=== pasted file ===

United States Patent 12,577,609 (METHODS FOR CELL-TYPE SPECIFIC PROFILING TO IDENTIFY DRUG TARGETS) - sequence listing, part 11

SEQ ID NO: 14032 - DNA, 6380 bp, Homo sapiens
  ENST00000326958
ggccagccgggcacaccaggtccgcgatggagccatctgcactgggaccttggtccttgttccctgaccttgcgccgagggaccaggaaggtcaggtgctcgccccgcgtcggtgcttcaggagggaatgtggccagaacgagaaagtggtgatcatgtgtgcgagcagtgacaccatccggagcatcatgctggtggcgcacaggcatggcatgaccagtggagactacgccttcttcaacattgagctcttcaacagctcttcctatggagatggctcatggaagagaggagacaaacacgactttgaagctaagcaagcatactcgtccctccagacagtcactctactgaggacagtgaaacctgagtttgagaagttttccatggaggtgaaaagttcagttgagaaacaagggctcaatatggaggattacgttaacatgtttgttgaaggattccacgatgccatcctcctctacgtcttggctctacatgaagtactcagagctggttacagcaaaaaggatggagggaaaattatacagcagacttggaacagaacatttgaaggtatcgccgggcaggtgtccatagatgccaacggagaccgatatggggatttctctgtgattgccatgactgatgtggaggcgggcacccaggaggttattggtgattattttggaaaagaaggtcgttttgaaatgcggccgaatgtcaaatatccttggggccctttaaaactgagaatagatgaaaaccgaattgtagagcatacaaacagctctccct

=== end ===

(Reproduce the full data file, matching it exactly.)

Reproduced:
United States Patent 12,577,609 (METHODS FOR CELL-TYPE SPECIFIC PROFILING TO IDENTIFY DRUG TARGETS) - sequence listing, part 11

SEQ ID NO: 14032 - DNA, 6380 bp, Homo sapiens
  ENST00000326958
ggccagccgggcacaccaggtccgcgatggagccatctgcactgggaccttggtccttgttccctgaccttgcgccgagggaccaggaaggtcaggtgctcgccccgcgtcggtgcttcaggagggaatgtggccagaacgagaaagtggtgatcatgtgtgcgagcagtgacaccatccggagcatcatgctggtggcgcacaggcatggcatgaccagtggagactacgccttcttcaacattgagctcttcaacagctcttcctatggagatggctcatggaagagaggagacaaacacgactttgaagctaagcaagcatactcgtccctccagacagtcactctactgaggacagtgaaacctgagtttgagaagttttccatggaggtgaaaagttcagttgagaaacaagggctcaatatggaggattacgttaacatgtttgttgaaggattccacgatgccatcctcctctacgtcttggctctacatgaagtactcagagctggttacagcaaaaaggatggagggaaaattatacagcagacttggaacagaacatttgaaggtatcgccgggcaggtgtccatagatgccaacggagaccgatatggggatttctctgtgattgccatgactgatgtggaggcgggcacccaggaggttattggtgattattttggaaaagaaggtcgttttgaaatgcggccgaatgtcaaatatccttggggccctttaaaactgagaatagatgaaaaccgaattgtagagcatacaaacagctctccct